“I put it in my mind that I needed to be better and I worked hard in the offseason. I know I need to be more consistent. I expect more than I did last year. More walks, more RBIs, more on-base percentage, more home runs. I have to be more selective. Everything. Calm down and don’t get too aggressive. Don’t overswing. Put the ball in play.”

New hitting coach John Mallee will stress these areas of improvement with Franco.

This is a big year for the 25-year-old third baseman. Everyone knows Manny Machado will be a free agent at season’s end. And it’s well known that the Phillies like him and have the money to sign him. Even a big, breakout season from Franco might not get the Phillies off of Machado.

But a strong season will ensure Franco’s future somewhere. It would build some trade value.

“I’m confident that I am going to have a good season,” Franco said. 


“Because I had an amazing offseason,” he said.

Well, Franco’s offseason wasn’t completely amazing. There was one highly publicized misstep. He and some winter ball teammates were photographed frolicking over drinks in the DR close to sunrise in early January. His team, the Giants, had a playoff game later that day. The club disciplined the players and Franco did not play again for the club.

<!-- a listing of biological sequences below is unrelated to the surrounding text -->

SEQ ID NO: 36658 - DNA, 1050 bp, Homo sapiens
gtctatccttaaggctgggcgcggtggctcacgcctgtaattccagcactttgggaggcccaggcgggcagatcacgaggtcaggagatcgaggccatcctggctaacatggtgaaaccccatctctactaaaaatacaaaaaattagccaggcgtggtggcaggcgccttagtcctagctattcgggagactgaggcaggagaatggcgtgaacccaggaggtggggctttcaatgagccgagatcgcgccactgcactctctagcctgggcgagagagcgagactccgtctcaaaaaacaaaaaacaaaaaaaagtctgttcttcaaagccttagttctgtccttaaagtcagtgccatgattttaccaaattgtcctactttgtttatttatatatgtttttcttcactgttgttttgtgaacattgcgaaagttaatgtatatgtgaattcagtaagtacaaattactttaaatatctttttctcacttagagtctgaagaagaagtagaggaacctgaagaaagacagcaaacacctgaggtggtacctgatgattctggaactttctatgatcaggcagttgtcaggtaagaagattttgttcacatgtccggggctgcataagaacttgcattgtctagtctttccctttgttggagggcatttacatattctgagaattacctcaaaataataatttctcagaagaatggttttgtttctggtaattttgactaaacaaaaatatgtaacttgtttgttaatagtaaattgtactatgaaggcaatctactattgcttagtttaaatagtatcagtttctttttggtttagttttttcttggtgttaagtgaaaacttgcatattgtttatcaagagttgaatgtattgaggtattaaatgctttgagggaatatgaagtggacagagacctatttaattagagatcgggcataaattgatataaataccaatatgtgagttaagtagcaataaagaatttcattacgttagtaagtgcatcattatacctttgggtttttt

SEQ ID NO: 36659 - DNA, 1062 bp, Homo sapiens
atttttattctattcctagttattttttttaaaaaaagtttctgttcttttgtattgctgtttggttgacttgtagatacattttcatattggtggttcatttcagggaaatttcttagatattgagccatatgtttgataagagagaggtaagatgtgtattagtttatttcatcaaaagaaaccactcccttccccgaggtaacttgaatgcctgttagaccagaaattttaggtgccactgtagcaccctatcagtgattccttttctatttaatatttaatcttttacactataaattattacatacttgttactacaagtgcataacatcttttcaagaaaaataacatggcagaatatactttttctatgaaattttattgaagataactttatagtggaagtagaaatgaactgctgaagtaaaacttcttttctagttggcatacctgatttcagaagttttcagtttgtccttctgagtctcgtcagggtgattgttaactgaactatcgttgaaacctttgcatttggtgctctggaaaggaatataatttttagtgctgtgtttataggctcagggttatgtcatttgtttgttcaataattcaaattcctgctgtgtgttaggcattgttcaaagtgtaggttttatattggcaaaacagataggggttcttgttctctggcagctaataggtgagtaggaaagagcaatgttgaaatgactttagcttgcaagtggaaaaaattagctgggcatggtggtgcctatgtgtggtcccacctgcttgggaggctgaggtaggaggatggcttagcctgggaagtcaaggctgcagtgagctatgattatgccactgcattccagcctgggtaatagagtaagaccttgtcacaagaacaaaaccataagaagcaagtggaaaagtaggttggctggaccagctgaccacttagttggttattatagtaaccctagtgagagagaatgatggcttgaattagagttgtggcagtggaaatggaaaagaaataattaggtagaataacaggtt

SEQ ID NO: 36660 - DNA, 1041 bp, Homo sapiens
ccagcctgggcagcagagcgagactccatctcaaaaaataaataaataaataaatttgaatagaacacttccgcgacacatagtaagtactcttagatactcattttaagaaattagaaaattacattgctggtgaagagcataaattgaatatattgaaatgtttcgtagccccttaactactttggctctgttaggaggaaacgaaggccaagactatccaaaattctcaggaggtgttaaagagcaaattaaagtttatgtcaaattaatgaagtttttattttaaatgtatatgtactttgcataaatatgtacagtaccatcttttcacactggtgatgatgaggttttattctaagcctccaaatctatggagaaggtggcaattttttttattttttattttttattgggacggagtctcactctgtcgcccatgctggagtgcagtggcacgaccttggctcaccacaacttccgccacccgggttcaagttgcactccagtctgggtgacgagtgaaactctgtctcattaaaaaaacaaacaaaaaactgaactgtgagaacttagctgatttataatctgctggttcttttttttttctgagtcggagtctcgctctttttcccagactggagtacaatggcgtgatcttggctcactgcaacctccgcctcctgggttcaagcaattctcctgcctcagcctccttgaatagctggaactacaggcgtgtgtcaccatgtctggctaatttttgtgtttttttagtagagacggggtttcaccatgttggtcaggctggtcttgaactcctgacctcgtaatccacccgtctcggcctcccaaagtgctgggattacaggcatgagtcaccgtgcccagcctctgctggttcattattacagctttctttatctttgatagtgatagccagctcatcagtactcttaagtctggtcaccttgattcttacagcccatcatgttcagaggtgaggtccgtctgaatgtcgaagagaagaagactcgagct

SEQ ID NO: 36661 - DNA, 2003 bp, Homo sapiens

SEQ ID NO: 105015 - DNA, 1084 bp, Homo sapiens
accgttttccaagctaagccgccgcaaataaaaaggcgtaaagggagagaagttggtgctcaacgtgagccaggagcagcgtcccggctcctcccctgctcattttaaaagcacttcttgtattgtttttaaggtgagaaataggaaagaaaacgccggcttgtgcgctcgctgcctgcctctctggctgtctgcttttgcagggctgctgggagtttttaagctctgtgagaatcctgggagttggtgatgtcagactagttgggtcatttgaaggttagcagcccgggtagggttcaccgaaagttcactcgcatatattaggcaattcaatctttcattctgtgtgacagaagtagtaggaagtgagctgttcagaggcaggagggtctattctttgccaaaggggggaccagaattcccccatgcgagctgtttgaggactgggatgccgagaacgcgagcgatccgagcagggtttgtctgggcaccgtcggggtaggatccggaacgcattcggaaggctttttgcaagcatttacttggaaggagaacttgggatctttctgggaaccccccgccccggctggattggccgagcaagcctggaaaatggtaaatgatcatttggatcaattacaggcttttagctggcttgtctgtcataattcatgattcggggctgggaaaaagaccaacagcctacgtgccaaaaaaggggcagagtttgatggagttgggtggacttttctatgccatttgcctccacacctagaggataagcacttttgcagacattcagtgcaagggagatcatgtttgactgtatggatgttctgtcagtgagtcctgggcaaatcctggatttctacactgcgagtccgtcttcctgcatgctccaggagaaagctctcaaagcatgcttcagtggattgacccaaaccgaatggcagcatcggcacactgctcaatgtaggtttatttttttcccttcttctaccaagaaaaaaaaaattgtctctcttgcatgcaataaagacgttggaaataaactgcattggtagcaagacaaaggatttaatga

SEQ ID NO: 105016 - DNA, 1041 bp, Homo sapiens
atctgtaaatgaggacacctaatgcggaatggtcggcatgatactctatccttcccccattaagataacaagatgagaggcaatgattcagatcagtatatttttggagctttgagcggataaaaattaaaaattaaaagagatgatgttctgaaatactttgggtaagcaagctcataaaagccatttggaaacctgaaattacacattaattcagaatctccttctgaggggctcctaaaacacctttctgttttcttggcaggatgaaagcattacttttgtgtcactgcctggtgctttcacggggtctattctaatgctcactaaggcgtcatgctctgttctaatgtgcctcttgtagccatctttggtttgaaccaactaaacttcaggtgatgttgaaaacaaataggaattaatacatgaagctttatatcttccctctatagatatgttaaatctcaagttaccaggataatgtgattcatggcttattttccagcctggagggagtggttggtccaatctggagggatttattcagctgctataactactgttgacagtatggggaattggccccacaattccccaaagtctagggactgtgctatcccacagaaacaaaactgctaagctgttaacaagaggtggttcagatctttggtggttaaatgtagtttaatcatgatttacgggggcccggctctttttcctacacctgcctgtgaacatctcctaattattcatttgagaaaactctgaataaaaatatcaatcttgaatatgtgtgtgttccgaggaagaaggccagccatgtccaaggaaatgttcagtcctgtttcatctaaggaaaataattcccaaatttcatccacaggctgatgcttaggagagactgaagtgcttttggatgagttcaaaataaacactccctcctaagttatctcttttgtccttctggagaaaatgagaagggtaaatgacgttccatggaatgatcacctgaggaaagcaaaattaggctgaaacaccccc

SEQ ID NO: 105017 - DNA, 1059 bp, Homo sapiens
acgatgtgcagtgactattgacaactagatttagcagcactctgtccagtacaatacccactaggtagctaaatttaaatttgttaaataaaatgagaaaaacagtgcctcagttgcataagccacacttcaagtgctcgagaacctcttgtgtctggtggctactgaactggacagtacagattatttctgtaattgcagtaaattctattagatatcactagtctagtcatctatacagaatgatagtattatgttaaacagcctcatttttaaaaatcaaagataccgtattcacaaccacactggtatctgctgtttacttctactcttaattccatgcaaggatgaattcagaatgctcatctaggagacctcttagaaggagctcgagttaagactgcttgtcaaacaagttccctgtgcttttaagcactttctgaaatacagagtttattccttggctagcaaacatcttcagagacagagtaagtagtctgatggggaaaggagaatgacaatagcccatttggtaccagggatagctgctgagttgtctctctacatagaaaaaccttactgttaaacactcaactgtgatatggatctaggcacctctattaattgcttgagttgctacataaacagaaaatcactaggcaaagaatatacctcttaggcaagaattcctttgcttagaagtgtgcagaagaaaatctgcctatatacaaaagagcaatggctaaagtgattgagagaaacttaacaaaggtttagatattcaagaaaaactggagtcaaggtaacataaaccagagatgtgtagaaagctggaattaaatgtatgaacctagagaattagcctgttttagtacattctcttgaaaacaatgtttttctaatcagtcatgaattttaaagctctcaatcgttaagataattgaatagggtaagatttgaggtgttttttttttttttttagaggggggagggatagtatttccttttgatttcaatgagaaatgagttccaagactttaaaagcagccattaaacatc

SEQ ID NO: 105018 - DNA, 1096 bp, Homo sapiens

“I was with friends,” he said. “We went out. We were having fun and somebody took a picture.

“I know I made a mistake. I will learn from it. It’s not going to happen again.” 

Phillies set to unveil new ace Jake Arrieta in spring training

Phillies set to unveil new ace Jake Arrieta in spring training

CLEARWATER, Fla. — Thursday starts the one-week countdown to opening day.

Oh, yeah, and Jake Arrieta will also make his Grapefruit League debut.

It figures to be the highlight of the spring.

Arrieta signed a three-year, $75 million contract with the Phillies last week. He has completed a progression from bullpen work — he actually had gotten well into that on his own before signing — to facing hitters in a controlled situation.

Now, it’s time to face some competition — the Detroit Tigers. The game will be televised on NBCSP+ at 1 p.m.